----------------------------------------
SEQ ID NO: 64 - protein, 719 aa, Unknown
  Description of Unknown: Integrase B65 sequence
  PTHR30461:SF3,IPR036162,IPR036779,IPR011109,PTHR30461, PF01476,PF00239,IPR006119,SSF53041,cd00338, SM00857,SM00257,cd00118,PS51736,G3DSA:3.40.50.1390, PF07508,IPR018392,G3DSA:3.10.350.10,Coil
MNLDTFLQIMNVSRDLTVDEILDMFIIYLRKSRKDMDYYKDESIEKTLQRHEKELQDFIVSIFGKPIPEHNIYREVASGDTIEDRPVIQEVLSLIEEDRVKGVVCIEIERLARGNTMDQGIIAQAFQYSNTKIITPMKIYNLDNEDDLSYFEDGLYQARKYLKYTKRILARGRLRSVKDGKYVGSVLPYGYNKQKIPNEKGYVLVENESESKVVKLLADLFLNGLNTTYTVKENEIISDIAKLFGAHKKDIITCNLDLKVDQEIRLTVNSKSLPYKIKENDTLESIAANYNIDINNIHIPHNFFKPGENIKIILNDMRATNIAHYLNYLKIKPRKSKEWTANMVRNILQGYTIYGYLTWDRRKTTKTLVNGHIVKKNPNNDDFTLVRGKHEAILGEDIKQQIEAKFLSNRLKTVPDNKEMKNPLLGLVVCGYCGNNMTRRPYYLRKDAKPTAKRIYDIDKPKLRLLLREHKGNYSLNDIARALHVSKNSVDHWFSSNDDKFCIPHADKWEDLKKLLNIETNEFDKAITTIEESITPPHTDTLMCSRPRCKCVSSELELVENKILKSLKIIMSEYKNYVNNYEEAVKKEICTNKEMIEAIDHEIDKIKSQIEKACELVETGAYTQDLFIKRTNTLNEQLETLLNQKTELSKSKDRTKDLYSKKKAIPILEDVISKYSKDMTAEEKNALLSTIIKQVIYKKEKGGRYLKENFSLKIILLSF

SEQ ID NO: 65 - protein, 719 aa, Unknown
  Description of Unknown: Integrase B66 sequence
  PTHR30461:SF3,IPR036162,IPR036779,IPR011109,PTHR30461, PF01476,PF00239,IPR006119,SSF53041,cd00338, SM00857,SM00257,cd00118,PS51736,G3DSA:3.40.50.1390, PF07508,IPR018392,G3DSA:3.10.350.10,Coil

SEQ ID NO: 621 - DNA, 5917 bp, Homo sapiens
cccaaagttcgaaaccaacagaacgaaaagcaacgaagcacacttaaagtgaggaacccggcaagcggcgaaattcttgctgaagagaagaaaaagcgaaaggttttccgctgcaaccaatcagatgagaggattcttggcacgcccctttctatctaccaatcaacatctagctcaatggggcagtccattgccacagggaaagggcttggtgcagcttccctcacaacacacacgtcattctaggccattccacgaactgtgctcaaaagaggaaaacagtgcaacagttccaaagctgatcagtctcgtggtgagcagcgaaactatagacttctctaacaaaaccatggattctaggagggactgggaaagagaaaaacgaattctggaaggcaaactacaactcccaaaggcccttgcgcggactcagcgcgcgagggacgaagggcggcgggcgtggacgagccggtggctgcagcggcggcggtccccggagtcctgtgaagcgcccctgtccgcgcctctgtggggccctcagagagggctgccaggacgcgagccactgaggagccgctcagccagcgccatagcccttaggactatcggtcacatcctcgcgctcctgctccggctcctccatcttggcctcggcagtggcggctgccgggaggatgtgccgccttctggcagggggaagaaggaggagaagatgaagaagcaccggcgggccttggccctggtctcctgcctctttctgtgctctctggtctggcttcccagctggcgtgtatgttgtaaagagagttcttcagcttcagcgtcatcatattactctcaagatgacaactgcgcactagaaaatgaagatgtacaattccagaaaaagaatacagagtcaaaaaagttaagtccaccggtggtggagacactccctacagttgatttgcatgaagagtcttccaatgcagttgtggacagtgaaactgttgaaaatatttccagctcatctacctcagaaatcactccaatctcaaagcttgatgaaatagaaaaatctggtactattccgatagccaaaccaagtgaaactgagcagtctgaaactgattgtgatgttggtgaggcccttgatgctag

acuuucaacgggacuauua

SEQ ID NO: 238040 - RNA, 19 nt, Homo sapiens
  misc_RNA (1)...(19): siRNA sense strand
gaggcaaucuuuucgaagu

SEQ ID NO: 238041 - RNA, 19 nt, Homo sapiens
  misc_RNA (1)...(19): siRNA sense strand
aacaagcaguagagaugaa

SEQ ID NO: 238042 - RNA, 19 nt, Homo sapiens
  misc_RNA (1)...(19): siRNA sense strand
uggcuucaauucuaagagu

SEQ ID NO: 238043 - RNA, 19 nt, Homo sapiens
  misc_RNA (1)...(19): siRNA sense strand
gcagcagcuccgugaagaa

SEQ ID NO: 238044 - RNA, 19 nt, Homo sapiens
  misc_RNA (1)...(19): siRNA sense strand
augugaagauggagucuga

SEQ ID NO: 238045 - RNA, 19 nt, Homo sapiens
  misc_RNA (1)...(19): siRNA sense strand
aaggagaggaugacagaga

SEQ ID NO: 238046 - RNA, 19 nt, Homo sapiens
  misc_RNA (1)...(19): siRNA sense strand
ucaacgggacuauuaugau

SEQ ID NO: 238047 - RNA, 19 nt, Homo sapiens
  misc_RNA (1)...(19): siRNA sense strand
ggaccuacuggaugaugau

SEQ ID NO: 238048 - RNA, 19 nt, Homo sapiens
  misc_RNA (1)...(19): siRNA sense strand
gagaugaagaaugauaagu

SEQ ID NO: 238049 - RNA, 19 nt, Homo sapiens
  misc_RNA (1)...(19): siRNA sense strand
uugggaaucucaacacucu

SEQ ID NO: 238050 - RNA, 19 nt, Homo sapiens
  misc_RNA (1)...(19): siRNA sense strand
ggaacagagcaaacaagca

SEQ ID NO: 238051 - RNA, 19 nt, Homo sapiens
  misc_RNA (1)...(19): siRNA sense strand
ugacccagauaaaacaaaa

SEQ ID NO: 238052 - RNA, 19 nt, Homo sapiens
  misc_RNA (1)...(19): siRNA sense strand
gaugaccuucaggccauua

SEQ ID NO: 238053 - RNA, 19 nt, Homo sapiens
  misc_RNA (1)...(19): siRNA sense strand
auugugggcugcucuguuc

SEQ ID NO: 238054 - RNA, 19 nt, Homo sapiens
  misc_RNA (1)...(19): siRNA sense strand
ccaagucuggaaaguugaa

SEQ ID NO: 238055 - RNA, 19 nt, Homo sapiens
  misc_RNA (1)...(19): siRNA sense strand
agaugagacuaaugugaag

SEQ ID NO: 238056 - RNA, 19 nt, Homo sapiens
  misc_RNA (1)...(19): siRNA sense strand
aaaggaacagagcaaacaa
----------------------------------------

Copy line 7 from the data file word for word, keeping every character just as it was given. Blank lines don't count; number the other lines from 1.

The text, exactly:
  PTHR30461:SF3,IPR036162,IPR036779,IPR011109,PTHR30461, PF01476,PF00239,IPR006119,SSF53041,cd00338, SM00857,SM00257,cd00118,PS51736,G3DSA:3.40.50.1390, PF07508,IPR018392,G3DSA:3.10.350.10,Coil